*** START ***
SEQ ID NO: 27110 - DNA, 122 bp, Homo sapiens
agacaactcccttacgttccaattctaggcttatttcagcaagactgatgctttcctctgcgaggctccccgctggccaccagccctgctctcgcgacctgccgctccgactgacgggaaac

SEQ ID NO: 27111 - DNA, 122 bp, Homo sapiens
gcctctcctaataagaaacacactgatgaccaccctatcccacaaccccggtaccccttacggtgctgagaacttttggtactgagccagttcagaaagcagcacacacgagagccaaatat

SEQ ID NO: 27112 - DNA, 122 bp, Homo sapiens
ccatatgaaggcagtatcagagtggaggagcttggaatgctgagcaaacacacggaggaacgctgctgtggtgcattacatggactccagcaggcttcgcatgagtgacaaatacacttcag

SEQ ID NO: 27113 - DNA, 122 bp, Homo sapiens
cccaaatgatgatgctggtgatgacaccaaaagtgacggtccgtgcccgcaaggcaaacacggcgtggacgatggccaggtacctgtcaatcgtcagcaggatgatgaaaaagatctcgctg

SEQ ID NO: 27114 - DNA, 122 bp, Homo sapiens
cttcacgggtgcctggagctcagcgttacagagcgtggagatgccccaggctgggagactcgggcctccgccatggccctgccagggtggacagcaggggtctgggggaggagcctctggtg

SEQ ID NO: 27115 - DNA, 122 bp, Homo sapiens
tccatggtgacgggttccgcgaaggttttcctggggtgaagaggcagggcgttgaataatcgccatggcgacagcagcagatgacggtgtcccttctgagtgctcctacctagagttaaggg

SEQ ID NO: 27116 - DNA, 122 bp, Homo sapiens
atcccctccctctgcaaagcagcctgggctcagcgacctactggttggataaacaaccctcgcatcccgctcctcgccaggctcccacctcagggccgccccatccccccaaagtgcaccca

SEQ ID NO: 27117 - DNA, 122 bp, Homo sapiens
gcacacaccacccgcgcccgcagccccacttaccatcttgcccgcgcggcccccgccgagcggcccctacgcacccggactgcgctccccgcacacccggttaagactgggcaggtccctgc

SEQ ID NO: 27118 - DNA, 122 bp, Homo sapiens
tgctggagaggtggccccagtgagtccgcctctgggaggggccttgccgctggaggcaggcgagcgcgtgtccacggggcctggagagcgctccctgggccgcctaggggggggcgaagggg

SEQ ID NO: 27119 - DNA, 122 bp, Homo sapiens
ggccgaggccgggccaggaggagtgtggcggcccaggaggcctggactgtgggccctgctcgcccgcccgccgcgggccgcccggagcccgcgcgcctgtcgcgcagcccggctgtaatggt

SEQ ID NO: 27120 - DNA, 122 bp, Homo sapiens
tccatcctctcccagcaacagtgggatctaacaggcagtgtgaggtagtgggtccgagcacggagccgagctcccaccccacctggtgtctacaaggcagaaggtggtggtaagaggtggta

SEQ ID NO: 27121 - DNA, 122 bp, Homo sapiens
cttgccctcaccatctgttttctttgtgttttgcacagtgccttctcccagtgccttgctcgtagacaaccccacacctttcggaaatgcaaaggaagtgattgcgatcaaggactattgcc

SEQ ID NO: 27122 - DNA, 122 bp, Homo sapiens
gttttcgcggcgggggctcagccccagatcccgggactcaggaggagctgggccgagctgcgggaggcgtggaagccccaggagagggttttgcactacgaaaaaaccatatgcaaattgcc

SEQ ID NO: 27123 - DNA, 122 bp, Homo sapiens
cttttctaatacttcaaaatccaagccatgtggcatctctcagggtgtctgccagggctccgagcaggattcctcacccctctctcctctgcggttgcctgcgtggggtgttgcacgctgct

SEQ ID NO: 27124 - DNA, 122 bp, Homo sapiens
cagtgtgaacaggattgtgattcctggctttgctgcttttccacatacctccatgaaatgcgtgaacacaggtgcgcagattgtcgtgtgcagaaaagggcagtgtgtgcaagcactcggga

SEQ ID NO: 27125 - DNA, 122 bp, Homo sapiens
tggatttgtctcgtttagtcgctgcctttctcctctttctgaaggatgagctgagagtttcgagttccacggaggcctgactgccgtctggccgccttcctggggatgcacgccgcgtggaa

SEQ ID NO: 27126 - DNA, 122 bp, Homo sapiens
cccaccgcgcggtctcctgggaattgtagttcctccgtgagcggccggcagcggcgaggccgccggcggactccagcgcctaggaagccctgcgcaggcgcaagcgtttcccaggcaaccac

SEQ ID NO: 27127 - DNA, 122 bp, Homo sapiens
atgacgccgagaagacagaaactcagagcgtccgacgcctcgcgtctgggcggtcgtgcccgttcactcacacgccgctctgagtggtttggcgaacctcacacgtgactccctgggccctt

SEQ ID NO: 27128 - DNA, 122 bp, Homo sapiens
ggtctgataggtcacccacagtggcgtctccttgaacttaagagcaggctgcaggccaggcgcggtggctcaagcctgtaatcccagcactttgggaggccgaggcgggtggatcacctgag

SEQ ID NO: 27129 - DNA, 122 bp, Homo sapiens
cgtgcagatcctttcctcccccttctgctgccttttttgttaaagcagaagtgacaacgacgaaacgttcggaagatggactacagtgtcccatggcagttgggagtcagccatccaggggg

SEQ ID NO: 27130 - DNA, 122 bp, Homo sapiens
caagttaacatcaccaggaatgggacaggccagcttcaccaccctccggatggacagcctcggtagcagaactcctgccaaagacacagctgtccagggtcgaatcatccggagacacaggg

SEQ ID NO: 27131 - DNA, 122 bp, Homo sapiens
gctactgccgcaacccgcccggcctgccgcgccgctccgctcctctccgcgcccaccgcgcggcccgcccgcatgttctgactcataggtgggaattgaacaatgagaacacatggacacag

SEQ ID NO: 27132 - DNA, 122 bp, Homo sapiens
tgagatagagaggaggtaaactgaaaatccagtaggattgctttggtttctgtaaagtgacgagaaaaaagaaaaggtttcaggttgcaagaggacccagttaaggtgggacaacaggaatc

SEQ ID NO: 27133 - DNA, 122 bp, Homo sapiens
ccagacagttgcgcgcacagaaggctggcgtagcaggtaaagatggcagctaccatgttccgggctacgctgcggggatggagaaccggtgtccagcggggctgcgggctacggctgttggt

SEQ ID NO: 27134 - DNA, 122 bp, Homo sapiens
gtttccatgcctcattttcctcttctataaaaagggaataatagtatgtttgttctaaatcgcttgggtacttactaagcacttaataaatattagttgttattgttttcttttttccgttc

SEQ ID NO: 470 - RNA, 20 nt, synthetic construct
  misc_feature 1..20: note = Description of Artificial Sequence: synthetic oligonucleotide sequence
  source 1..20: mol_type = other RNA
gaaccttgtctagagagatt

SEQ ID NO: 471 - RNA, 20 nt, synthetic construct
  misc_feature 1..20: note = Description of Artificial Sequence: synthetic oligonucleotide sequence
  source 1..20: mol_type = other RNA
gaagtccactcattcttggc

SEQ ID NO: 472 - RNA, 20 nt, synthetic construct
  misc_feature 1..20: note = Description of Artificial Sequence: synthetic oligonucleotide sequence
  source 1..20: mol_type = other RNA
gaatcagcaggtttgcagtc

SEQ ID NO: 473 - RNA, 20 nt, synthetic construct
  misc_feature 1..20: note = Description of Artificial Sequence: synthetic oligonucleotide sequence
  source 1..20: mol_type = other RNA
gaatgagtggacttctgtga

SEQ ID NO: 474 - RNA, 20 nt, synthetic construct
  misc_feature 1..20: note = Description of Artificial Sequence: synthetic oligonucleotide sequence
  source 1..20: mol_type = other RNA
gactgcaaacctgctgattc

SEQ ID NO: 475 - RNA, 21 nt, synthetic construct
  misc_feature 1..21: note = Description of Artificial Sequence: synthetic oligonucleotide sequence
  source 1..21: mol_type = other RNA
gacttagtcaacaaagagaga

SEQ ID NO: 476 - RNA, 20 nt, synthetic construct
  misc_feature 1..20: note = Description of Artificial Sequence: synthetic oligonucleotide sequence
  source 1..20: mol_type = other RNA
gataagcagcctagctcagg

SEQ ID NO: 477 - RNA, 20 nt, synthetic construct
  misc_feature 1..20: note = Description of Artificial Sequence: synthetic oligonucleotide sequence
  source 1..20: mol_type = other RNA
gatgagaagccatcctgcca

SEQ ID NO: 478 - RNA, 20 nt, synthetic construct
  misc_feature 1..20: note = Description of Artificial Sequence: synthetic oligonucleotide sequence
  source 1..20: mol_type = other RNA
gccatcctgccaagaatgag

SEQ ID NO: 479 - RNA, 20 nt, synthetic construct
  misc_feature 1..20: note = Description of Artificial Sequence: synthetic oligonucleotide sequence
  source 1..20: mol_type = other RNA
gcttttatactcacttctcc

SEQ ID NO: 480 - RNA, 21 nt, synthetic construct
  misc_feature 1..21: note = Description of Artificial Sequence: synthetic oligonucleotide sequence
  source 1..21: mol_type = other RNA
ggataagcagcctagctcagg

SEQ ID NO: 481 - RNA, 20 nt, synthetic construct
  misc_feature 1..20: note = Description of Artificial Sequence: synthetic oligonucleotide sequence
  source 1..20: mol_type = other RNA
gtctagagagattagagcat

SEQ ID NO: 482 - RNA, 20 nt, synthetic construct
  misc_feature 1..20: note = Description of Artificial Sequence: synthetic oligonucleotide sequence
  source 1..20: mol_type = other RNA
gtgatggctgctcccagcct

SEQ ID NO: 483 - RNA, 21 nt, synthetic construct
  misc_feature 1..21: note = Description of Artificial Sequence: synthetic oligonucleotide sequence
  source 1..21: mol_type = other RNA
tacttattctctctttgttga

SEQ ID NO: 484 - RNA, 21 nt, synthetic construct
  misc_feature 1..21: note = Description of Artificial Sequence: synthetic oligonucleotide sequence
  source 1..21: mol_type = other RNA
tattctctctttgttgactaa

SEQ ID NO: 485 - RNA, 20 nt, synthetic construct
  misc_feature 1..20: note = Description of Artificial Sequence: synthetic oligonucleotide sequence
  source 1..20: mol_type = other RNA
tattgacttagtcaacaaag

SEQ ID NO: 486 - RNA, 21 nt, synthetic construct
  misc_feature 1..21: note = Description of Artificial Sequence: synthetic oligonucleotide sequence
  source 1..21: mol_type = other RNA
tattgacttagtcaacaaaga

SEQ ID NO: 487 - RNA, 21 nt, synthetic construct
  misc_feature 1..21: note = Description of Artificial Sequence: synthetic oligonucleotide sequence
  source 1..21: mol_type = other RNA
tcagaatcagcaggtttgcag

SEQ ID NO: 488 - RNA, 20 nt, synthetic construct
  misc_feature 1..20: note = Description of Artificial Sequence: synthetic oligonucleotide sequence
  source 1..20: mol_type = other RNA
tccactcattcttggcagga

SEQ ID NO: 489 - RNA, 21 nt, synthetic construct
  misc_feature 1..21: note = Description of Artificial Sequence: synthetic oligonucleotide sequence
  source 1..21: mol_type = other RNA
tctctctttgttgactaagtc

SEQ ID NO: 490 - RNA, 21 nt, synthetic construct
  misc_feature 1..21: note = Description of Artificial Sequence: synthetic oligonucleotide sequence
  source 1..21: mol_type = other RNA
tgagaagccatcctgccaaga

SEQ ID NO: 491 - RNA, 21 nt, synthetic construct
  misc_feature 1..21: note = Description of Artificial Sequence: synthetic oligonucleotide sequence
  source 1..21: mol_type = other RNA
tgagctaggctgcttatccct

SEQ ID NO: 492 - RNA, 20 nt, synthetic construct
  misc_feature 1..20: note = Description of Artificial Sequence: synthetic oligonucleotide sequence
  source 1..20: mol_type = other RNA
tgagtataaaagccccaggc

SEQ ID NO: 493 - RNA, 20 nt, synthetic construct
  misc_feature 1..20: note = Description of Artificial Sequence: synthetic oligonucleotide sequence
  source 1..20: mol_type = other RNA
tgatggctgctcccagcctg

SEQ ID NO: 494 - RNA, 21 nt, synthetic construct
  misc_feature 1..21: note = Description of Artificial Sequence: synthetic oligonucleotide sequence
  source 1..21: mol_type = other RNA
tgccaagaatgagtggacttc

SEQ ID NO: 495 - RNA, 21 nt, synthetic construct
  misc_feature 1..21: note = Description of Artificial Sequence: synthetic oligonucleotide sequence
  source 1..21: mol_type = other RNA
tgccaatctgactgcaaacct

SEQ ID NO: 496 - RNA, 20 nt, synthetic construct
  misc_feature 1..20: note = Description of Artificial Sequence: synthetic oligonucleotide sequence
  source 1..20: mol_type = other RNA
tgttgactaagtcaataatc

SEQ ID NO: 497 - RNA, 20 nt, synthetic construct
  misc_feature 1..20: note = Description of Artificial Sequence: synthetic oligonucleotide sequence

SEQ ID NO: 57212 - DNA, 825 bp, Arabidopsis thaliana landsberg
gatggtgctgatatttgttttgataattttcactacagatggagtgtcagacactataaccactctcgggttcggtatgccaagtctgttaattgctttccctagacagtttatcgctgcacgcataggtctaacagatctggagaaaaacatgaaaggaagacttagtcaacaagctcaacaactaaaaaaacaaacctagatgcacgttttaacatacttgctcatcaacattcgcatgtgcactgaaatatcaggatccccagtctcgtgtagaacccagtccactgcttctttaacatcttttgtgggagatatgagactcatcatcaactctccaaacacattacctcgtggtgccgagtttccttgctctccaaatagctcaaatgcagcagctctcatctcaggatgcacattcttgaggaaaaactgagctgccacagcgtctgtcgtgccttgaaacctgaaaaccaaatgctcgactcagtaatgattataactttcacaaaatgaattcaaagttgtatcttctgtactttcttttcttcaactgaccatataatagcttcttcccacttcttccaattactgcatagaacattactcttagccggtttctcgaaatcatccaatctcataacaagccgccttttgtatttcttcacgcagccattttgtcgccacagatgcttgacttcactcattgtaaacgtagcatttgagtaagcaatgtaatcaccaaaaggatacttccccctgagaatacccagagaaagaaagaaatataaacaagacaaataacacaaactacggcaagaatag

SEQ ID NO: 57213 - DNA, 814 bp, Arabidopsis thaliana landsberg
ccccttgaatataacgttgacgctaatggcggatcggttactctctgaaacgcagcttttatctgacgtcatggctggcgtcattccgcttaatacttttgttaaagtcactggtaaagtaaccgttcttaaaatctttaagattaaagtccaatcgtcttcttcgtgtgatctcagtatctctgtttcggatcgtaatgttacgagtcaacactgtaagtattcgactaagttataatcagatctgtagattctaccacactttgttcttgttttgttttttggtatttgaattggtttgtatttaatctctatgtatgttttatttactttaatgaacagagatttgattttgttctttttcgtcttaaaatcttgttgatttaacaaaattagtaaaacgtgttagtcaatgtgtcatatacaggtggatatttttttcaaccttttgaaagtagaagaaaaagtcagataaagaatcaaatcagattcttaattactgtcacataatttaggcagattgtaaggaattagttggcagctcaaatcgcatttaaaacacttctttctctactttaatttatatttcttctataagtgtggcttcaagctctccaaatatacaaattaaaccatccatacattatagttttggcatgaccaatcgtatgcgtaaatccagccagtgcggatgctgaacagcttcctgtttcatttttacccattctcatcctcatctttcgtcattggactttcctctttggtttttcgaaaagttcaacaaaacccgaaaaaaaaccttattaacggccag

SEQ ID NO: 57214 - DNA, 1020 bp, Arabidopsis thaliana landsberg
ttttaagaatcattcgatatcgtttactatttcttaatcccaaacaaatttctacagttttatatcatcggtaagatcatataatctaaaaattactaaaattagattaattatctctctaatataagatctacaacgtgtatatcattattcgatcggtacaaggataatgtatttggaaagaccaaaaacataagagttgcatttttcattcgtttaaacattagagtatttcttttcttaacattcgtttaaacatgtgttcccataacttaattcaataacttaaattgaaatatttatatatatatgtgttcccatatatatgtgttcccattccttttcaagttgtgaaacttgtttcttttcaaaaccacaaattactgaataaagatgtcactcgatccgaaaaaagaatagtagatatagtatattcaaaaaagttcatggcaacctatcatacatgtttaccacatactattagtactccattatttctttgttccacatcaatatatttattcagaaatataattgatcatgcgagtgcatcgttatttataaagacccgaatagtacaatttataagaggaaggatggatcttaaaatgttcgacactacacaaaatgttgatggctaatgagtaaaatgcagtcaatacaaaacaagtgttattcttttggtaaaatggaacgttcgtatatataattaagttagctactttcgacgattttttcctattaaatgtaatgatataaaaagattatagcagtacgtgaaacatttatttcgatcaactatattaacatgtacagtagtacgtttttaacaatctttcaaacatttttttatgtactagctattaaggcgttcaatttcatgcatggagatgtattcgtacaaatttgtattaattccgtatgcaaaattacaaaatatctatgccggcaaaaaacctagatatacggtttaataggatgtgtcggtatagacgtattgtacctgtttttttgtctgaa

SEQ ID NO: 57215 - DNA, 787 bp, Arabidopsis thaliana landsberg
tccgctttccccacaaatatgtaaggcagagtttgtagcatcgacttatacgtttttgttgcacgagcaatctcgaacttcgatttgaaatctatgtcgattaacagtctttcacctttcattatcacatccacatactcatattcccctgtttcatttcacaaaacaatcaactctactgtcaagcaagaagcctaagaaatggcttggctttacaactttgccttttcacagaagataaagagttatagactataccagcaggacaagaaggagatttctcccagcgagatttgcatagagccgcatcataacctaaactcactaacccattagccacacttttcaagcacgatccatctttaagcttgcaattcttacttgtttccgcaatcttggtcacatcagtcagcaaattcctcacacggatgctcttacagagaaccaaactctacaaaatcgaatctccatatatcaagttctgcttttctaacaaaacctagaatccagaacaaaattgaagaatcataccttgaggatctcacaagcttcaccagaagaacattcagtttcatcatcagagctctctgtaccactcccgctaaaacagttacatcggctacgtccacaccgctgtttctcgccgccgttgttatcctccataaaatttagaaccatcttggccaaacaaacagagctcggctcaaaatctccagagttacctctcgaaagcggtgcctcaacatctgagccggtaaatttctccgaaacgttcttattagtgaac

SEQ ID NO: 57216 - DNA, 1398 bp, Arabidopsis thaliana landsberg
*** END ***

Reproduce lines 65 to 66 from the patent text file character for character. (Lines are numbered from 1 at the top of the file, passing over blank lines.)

  source 1..20: mol_type = other RNA
gaatgagtggacttctgtga